The safety charity – named after 25-year-old estate agent Suzy Lamplugh, who disappeared without trace in 1986 while showing an unknown client around a house in the middle of the day ‒ has released new advice to staff in the workplace to herald its new Right to Be Safe Appeal.
The Trust now works to raise standards of safety in the workplace, and campaigns on safety issues to help minimise staff risk and improve personal security.
It advises that staff within hospitality are as entitled as any employees to have a safe place to work, with measures applied to increase the personal safety of those working in risky environments such as kitchens, or in front-line roles with the general public.
Recommendations for staff include being aware of their environment and others’ behaviour, working in pairs or groups where possible, using first names only with guests, and applying a zero-tolerance approach to aggression or violence.
Employers must also ensure that staff are giving personal safety training, investigate any incidents, carry out risk assessments including emergency exits, and must always provide a safe place to work.
The Trust has highlighted figures showing that in 2014-15, 142 people were killed at work in the UK, and 76,000 injuries to employees were reported, including mental health stresses, anxiety and depression.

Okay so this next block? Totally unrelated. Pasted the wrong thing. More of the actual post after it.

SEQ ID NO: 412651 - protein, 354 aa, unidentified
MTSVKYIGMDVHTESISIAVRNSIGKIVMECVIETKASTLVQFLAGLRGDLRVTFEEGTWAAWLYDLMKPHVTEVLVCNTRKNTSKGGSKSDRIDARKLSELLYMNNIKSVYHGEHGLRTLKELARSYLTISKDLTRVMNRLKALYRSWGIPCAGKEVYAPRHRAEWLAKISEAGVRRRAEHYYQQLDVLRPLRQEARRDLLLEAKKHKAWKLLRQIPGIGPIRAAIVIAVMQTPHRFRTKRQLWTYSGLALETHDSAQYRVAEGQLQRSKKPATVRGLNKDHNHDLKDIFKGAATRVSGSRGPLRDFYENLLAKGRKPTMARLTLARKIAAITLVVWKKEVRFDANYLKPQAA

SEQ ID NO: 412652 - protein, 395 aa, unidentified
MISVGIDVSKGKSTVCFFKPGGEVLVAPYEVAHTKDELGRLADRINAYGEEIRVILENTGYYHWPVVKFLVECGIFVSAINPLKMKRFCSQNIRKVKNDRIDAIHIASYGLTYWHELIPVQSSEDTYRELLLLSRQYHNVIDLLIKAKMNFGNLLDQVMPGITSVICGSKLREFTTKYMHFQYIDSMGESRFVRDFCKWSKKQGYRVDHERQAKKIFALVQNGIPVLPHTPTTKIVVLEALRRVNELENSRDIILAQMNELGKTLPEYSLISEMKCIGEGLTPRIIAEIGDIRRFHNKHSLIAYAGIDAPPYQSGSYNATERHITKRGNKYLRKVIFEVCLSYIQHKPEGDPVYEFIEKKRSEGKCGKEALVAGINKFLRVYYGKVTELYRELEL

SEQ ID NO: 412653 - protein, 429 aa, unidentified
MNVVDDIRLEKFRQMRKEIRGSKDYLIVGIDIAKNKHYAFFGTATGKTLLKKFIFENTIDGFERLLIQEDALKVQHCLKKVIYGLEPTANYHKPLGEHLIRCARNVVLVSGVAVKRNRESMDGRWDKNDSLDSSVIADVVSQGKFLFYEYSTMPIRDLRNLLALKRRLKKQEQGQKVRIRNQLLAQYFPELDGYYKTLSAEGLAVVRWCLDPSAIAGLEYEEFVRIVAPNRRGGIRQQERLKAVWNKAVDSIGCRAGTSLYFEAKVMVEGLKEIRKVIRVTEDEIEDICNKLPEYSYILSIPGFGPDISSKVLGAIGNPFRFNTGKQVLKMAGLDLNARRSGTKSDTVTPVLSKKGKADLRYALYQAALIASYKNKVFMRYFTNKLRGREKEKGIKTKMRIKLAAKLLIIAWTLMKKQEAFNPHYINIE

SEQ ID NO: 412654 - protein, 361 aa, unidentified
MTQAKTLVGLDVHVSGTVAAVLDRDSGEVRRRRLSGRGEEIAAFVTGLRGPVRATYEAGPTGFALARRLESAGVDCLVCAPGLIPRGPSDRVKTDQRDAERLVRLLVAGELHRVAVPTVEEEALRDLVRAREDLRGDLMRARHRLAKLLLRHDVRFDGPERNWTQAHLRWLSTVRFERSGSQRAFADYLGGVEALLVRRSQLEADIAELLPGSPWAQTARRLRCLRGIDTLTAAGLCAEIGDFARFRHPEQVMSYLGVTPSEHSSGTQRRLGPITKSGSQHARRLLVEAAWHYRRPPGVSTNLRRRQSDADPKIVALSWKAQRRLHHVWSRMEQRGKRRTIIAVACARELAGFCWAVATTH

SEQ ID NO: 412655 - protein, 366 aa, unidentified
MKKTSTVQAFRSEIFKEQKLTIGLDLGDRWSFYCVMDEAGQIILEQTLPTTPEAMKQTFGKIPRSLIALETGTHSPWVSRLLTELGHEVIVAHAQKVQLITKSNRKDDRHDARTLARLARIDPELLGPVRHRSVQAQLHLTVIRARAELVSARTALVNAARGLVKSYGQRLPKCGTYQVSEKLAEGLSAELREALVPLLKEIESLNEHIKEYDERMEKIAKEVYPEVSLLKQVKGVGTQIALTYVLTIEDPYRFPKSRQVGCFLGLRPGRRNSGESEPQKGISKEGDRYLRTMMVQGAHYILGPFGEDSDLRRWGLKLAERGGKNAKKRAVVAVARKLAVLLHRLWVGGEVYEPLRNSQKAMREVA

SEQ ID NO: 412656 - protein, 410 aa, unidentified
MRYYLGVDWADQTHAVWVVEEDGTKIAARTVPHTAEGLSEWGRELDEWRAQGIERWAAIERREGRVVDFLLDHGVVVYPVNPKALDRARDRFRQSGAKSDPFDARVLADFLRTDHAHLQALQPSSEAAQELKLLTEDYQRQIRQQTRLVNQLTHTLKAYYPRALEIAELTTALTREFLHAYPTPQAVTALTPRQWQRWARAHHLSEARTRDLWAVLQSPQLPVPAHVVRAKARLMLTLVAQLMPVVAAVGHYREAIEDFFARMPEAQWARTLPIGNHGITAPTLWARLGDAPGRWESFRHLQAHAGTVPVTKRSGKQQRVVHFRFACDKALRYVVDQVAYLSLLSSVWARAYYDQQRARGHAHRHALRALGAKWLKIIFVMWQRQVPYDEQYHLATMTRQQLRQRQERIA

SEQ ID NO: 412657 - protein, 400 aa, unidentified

This was most often caused by ‘dealing with difficult customers’, along with risks incurred from heavy lifting, chemical substances, slips, trips or falls, and operating machinery.
A representative for the Trust commented: “We cannot afford to be complacent about personal safety in the workplace.”
Founded by parents Paul and Diana Lamplugh soon after their daughter’s disappearance, The Suzy Lamplugh Trust has since sought to keep people safe from violence and aggression in the workplace and home.
It has since campaigned on issues such as private hire vehicle licensing; harassment and stalking (including helping to bring in the Protection from Harassment Act in 1997); personal injury, stress and anxiety at work.
Full list of tips for hospitality staff and businesses
- Consider exit points – can you get out safely in the event of an emergency?
- Be aware of people’s behaviour, and how it can change, e.g. with alcohol
- Don’t allow clients or guests into kitchen or staff only spaces
- Consider carrying a personal alarm
- Open up/close the site in pairs where possible
- If lone working must occur, use a buddy/tracing system so people aren’t forgotten about or left alone for too long
- Be aware of the personal information you give clients and guests
- If you wear a name badge, consider just using a first name to reduce the potential of being tracked down by a client
- If you stay onsite, don’t tell guests where you stay
- Remember, violence and aggression are unacceptable, and must always be reported